Wednesday marks a “new day” for thousands of Minnesotans who acquired health insurance through MNsure — whether they know it or not.

While many Minnesotans are enjoying the certainty of coverage they obtained through the state’s online insurance exchange for 2014, others reached the stroke of midnight Tuesday night with no clue whether their enrollments had been completed or whether they have medical benefits today.

As of late last week, more than 50,000 people had completed applications to buy private health plans on MNsure but had not completed enrollment — leaving their status in health insurance limbo.

In some cases, technical problems with the MNsure site prevented them from finishing their enrollment. MNsure’s Facebook page was cluttered Tuesday with exasperated people who couldn’t get the online exchange to work ahead of Tuesday’s deadline and couldn’t reach anyone on the telephone hot line.

“3½ hours on hold,” wrote Amanda Rutherford of Crystal around noon Tuesday. “Unfortunately, I have to now hang up without resolution because I’m off of work. And start ALL over …”

“I’ve been trying for TWELVE DAYS to get access to my locked account,” wrote Matthew Ostman, 28, of St. Michael. “No e-mails answer, no success getting through on the phone.”

“Why oh why do you hate us so much, MN Sure?” lamented Jamie Ward, 29, of East Bethel.

MNsure officials have apologized for the problems with their ambitious start-up exchange — launched this fall under the federal Affordable Care Act to improve insurance options for the sick and uninsured in Minnesota — and sought to extend benefits to anyone who has made a good-faith effort to enroll. While consumers still have until March 31 to buy coverage in the open-enrollment period, state officials pressed to enroll as many people as possible by the end of 2013 so they would have benefits immediately at the start of 2014.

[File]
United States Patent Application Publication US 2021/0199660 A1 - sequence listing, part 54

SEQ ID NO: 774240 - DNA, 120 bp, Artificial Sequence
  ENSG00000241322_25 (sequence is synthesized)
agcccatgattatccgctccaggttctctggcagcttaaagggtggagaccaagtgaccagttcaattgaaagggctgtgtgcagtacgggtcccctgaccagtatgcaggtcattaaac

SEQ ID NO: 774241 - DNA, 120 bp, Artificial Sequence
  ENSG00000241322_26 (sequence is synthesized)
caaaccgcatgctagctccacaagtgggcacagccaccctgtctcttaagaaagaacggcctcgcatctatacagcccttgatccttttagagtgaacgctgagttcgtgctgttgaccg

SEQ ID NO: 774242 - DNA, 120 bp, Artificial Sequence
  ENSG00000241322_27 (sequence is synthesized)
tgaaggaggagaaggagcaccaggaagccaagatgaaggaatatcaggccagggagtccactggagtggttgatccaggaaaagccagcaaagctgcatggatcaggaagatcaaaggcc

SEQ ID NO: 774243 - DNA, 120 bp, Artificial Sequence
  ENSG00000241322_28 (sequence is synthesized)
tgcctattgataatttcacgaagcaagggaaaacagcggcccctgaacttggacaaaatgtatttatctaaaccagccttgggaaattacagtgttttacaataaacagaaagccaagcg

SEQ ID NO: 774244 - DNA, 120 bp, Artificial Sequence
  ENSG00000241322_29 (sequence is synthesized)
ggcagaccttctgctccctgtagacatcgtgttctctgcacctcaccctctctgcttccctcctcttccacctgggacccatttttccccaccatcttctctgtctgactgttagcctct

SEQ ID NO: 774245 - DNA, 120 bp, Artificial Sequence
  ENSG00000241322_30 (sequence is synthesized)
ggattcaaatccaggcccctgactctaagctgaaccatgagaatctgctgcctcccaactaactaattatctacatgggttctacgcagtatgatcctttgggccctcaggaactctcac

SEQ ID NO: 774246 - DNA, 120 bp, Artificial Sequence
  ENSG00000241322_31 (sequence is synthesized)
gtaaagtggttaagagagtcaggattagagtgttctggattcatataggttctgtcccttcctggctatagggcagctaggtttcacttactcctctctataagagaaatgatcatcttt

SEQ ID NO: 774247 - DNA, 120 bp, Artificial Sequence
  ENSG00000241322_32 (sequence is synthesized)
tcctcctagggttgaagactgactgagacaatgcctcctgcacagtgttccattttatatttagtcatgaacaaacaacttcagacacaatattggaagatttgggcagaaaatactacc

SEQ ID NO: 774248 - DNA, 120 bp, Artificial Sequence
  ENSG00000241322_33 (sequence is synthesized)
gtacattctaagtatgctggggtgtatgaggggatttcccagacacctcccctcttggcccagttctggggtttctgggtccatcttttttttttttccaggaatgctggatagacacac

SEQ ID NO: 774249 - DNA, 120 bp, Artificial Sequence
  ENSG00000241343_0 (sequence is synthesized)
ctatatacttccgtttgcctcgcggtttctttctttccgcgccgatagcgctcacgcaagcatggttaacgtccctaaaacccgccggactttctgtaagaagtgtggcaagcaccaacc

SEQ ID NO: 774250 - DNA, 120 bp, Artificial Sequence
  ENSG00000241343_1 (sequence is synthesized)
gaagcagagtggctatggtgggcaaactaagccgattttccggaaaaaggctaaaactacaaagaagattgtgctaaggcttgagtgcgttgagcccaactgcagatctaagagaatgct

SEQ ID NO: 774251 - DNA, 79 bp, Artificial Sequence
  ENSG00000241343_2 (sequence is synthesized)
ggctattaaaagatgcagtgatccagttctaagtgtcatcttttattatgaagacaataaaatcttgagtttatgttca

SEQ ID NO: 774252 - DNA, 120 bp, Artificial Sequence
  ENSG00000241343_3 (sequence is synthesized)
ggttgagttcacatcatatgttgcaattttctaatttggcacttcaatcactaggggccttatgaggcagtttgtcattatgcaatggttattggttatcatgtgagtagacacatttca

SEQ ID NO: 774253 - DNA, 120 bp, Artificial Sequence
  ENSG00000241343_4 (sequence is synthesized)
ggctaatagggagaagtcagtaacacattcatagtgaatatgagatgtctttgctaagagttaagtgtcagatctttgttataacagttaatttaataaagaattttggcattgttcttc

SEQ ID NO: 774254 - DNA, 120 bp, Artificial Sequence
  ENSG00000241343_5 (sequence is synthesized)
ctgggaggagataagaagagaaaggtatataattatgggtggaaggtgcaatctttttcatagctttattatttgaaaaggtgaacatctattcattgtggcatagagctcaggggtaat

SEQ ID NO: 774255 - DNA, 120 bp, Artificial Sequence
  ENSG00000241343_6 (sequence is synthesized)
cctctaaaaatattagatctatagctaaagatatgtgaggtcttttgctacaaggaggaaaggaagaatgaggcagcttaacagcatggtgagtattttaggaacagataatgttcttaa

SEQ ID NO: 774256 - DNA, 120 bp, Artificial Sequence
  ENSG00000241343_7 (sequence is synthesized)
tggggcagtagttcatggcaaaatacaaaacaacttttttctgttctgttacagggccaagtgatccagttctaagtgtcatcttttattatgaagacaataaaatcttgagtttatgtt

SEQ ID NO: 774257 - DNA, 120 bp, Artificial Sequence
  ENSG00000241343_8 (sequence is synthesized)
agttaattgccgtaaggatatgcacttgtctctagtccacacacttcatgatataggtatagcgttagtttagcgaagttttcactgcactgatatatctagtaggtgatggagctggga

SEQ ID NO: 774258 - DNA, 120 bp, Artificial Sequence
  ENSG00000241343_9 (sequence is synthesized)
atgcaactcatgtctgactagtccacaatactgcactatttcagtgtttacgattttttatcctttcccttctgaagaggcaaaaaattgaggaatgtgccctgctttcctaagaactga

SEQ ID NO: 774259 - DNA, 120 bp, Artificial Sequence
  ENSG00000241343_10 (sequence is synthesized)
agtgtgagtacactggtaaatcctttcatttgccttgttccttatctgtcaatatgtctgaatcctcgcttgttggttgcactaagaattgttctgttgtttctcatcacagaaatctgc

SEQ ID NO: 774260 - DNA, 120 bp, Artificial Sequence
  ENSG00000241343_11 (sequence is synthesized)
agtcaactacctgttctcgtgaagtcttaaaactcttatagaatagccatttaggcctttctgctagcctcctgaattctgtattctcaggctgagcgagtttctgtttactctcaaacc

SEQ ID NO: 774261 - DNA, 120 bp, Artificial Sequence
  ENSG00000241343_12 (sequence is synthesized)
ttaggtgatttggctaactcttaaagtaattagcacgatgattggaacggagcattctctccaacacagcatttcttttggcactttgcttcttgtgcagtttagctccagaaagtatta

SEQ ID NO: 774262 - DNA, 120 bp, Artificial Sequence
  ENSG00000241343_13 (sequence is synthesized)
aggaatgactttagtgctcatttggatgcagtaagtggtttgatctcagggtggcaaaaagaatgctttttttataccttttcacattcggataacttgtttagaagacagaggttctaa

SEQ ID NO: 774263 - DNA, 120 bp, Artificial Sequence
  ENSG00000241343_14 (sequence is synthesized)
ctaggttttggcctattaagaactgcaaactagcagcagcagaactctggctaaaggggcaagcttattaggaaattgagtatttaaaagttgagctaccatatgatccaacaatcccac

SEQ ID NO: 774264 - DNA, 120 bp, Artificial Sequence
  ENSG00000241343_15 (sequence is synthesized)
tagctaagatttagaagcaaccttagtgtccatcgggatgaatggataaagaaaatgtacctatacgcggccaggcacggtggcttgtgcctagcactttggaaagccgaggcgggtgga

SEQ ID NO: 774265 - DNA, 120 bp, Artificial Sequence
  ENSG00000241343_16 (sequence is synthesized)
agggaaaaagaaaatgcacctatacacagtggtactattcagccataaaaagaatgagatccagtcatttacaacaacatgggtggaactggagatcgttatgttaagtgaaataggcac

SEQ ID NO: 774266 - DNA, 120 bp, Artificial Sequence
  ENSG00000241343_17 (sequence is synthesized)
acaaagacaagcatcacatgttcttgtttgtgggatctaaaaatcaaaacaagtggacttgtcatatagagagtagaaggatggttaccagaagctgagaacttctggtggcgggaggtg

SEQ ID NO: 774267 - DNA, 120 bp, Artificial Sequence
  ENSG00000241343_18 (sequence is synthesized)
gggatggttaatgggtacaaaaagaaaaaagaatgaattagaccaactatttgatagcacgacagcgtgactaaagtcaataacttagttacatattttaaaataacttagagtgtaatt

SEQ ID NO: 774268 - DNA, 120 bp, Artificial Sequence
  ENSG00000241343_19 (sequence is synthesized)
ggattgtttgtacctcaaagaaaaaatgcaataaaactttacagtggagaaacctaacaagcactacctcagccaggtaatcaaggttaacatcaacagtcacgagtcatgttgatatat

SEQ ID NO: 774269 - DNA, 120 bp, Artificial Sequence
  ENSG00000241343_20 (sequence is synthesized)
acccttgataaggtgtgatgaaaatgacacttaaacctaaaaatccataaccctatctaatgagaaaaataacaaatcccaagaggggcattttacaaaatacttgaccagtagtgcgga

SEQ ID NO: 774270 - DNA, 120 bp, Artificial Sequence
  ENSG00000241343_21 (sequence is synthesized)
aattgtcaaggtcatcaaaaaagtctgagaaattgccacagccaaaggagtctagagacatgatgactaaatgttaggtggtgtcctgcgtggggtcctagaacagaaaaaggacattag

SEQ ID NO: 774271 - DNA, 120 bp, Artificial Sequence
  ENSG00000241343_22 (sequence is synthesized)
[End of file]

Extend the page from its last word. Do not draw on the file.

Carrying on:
“Our aim is to get everyone into health insurance coverage on January 1st who wants it on January 1st,” said Scott Leitz, MNsure’s interim CEO, in an interview before Tuesday night’s deadline. “If that means getting them through the system electronically, that’s great. But if it also means working them through in a manual way so that we get them into initial coverage, we’re doing that as well.”

Consumers who have reached the stage of enrolling in plans and making initial payments will be covered, whether they have received cards from their insurance carriers or not, according to a MNsure tip sheet released Tuesday night.

The status of people with incomplete enrollments wasn’t as clear. MNsure officials have been trying to secure timely benefits for people whose enrollments have been delayed by glitches in the application process. But the tip sheet indicated that MNsure “couldn’t guarantee” Jan. 1 coverage for them.

Despite enrollment delays, doctors and other care providers are assuring patients that they will treat them first, then figure out if they have insurance to cover it second.

“If a patient needs to get taken care of, we’re going to take care of that patient and worry about the [insurance] eligibility after the fact,” said Dr. Cindy Firkins Smith, a dermatologist and president of the Minnesota Medical Association.